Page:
author = "Ashwin Kamath and Rao, {Rashmi R.} and Shenoy, {Preethi J.} and Ullal, {Sheetal D.}",
year = "2018",
month = "1",
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doi = "10.15448/1980-6108.2018.4.32395",
language = "English",
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T1 - Approaches to learning and academic performance in pharmacology among second-year undergraduate medical students

AU - Kamath, Ashwin

AU - Rao, Rashmi R.

AU - Shenoy, Preethi J.

AU - Ullal, Sheetal D.

PY - 2018/1/1

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N2 - AIMS: To determine the learning approach of second-year undergraduate medical students and whether a surface or deep approach to learning had any correlation with the pharmacology sessional and university examination marks obtained. METHODS: A cross-sectional study was conducted among second-year medical students in their fifth semester. To determine the students’ learning approach, whether superficial or deep, we used the Revised Two Factor Study Process Questionnaire (R-SPQ-2F), which contains 20 items in the form of a five-point Likert scale and is suitable for use in higher education settings. Cronbach’s alpha was calculated using the scores obtained from a sample of 20 students to determine the internal consistency. To determine the relationship between the learning approach and examination scores, the average of the individual sessional examination marks and the university examination scores obtained by the students were calculated. RESULTS: Of the 170 students who participated in the study, 87 (51.2%) were females. The Cronbach’s alpha value was considered acceptable for both surface and deep approach. While the academic performance was significantly better in females (U = 2571.5; p = 0.001), no difference was seen in the learning approach based on gender. Fifty (29.4%) students had a higher score for the surface approach. This group had lower examination scores compared with those with equal scores for surface and deep approach or higher scores for the deep approach. A weak negative correlation was seen between the examination marks and surface approach (τb = -0.167; p = 0.002). When analyzed based on gender, the correlation was statistically significant only in females (τb = -0.173; p = 0.02). CONCLUSIONS: A weak negative correlation was seen between the examination marks and surface approach to learning. Although statistically significant, the actual difference between the groups was of a small magnitude. Hence, whether promoting deep learning approach improves academic performance in terms of marks obtained in the examination needs to be confirmed by further studies.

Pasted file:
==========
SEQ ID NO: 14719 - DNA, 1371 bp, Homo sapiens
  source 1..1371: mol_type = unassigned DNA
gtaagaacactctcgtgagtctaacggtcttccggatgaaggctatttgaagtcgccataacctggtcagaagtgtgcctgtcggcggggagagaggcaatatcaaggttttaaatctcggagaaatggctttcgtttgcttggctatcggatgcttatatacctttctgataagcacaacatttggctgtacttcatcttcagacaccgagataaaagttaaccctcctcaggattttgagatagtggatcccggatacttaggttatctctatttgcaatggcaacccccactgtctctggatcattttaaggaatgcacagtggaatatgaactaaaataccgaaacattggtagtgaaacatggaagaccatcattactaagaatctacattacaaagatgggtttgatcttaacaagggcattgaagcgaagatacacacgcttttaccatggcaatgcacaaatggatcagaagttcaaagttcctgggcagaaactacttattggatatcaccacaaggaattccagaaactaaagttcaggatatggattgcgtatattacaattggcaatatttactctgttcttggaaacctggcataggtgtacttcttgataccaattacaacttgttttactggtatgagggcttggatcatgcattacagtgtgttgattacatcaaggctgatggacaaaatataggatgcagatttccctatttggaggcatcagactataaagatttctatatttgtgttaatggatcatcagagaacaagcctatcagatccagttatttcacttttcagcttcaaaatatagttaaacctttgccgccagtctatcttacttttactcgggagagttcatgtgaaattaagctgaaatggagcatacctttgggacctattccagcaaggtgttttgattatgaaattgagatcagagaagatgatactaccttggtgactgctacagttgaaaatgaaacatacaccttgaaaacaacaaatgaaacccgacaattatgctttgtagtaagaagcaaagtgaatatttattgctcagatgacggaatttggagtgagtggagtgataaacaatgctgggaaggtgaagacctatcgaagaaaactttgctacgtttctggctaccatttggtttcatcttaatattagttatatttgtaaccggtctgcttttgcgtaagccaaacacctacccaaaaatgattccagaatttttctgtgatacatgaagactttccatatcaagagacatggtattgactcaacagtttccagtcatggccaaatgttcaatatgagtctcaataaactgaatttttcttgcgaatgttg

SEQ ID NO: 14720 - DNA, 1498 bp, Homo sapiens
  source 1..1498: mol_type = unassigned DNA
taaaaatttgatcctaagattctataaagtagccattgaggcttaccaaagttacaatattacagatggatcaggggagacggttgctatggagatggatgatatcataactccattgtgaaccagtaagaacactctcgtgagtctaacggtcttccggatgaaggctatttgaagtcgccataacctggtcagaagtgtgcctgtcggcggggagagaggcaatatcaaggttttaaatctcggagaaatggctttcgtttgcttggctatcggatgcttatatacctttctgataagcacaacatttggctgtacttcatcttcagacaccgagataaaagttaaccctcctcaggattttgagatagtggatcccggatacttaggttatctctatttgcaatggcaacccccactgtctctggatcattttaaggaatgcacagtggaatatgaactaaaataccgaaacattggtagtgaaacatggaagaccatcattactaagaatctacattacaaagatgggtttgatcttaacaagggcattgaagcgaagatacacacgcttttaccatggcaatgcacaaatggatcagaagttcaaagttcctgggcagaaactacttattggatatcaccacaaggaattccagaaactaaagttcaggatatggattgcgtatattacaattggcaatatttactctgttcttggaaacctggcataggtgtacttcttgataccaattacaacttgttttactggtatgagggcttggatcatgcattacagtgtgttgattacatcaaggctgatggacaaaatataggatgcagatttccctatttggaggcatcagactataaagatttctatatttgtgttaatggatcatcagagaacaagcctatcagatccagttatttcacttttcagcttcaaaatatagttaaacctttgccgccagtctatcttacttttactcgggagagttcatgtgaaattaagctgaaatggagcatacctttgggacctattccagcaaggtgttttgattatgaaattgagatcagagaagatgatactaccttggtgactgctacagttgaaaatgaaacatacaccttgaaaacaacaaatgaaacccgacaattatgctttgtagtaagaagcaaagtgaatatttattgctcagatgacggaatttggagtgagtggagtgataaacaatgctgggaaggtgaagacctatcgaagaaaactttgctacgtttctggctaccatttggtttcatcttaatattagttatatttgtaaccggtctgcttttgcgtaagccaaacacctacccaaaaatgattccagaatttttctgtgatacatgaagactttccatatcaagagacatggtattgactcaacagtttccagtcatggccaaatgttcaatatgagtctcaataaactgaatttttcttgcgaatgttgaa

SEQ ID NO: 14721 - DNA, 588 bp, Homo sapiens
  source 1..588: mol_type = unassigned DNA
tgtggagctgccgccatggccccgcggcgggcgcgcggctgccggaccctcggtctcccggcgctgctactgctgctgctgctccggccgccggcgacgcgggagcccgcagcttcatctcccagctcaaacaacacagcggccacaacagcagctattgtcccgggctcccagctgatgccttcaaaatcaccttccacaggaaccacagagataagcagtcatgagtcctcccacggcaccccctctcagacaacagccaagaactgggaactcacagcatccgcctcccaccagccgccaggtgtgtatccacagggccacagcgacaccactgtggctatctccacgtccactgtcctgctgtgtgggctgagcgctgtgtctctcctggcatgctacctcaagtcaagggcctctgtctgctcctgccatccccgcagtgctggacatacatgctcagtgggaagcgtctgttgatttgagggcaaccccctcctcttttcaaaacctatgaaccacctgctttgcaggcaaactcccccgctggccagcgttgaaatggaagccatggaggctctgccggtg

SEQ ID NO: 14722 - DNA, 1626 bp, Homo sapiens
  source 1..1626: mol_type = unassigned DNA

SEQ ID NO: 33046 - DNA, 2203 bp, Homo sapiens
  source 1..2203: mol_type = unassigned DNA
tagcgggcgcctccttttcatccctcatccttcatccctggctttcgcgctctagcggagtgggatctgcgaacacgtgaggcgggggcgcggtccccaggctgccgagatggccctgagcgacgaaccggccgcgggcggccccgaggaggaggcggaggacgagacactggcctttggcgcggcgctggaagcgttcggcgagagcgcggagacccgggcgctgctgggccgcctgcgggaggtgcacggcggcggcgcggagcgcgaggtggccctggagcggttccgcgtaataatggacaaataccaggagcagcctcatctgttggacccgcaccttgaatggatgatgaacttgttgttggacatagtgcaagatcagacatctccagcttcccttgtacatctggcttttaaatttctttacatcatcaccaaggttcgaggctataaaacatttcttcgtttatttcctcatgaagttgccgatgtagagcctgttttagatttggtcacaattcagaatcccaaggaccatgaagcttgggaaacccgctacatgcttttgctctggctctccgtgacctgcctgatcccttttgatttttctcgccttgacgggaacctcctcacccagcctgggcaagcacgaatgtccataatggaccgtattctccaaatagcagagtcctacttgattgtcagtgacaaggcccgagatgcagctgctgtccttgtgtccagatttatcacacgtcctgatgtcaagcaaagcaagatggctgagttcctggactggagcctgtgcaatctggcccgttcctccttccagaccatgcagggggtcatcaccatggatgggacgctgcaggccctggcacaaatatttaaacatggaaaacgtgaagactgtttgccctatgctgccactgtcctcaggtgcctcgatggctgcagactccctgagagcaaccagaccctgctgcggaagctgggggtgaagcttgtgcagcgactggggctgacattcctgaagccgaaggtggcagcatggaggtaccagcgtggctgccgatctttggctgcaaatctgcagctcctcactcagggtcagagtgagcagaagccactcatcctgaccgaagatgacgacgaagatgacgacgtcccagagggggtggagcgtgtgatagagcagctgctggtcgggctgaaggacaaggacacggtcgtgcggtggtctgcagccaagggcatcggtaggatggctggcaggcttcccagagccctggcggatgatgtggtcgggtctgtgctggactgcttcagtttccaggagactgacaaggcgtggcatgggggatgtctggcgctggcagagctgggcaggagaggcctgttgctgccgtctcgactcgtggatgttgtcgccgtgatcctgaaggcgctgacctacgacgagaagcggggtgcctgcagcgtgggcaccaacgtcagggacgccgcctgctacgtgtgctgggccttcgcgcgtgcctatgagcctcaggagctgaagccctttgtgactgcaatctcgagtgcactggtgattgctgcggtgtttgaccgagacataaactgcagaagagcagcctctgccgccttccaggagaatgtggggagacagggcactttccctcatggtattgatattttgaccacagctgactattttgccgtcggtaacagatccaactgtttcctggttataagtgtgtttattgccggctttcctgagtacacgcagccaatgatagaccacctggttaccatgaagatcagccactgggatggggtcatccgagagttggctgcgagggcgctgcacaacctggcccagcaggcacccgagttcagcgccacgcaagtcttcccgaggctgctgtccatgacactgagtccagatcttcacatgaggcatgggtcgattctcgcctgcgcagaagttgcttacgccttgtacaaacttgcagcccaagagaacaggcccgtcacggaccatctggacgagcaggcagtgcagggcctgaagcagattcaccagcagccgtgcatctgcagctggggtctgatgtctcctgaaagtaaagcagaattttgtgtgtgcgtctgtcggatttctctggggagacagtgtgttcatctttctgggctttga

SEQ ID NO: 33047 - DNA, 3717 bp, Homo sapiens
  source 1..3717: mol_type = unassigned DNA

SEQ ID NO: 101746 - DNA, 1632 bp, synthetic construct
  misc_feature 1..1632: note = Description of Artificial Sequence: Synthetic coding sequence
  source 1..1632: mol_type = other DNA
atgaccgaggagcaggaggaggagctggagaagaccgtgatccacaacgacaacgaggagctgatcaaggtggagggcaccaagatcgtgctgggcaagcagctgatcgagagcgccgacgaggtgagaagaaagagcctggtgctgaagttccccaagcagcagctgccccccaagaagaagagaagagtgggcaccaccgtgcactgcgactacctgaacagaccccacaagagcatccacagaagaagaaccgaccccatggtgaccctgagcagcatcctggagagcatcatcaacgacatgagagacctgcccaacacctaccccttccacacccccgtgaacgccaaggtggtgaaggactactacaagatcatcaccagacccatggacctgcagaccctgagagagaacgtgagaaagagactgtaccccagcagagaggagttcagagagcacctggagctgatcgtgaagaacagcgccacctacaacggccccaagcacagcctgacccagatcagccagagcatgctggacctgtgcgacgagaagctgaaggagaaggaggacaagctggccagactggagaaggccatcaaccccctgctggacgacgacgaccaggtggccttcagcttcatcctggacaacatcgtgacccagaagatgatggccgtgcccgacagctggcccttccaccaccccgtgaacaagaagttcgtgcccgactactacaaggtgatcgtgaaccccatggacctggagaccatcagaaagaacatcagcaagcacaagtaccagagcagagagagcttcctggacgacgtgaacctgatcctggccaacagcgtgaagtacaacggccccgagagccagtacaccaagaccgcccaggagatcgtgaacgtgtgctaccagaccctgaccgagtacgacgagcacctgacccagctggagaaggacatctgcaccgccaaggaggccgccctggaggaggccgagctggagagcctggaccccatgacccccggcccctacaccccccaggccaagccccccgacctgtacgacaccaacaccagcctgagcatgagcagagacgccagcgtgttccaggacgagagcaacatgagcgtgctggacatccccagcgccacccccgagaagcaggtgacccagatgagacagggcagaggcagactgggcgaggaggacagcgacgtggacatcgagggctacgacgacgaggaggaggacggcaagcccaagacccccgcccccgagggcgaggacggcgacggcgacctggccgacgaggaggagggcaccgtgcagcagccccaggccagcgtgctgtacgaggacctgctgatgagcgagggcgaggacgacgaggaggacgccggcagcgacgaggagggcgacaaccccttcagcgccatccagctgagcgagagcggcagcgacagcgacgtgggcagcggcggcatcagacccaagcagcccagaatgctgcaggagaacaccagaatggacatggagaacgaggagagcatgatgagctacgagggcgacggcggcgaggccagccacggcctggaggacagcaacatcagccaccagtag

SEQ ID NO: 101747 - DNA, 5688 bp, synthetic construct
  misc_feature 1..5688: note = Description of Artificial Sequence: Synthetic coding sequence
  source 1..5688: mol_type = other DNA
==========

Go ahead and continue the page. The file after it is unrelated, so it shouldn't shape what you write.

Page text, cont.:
AB - AIMS: To determine the learning approach of second-year undergraduate medical students and whether a surface or deep approach to learning had any correlation with the pharmacology sessional and university examination marks obtained. METHODS: A cross-sectional study was conducted among second-year medical students in their fifth semester. To determine the students’ learning approach, whether superficial or deep, we used the Revised Two Factor Study Process Questionnaire (R-SPQ-2F), which contains 20 items in the form of a five-point Likert scale and is suitable for use in higher education settings. Cronbach’s alpha was calculated using the scores obtained from a sample of 20 students to determine the internal consistency. To determine the relationship between the learning approach and examination scores, the average of the individual sessional examination marks and the university examination scores obtained by the students were calculated. RESULTS: Of the 170 students who participated in the study, 87 (51.2%) were females. The Cronbach’s alpha value was considered acceptable for both surface and deep approach. While the academic performance was significantly better in females (U = 2571.5; p = 0.001), no difference was seen in the learning approach based on gender. Fifty (29.4%) students had a higher score for the surface approach. This group had lower examination scores compared with those with equal scores for surface and deep approach or higher scores for the deep approach. A weak negative correlation was seen between the examination marks and surface approach (τb = -0.167; p = 0.002). When analyzed based on gender, the correlation was statistically significant only in females (τb = -0.173; p = 0.02). CONCLUSIONS: A weak negative correlation was seen between the examination marks and surface approach to learning. Although statistically significant, the actual difference between the groups was of a small magnitude. Hence, whether promoting deep learning approach improves academic performance in terms of marks obtained in the examination needs to be confirmed by further studies.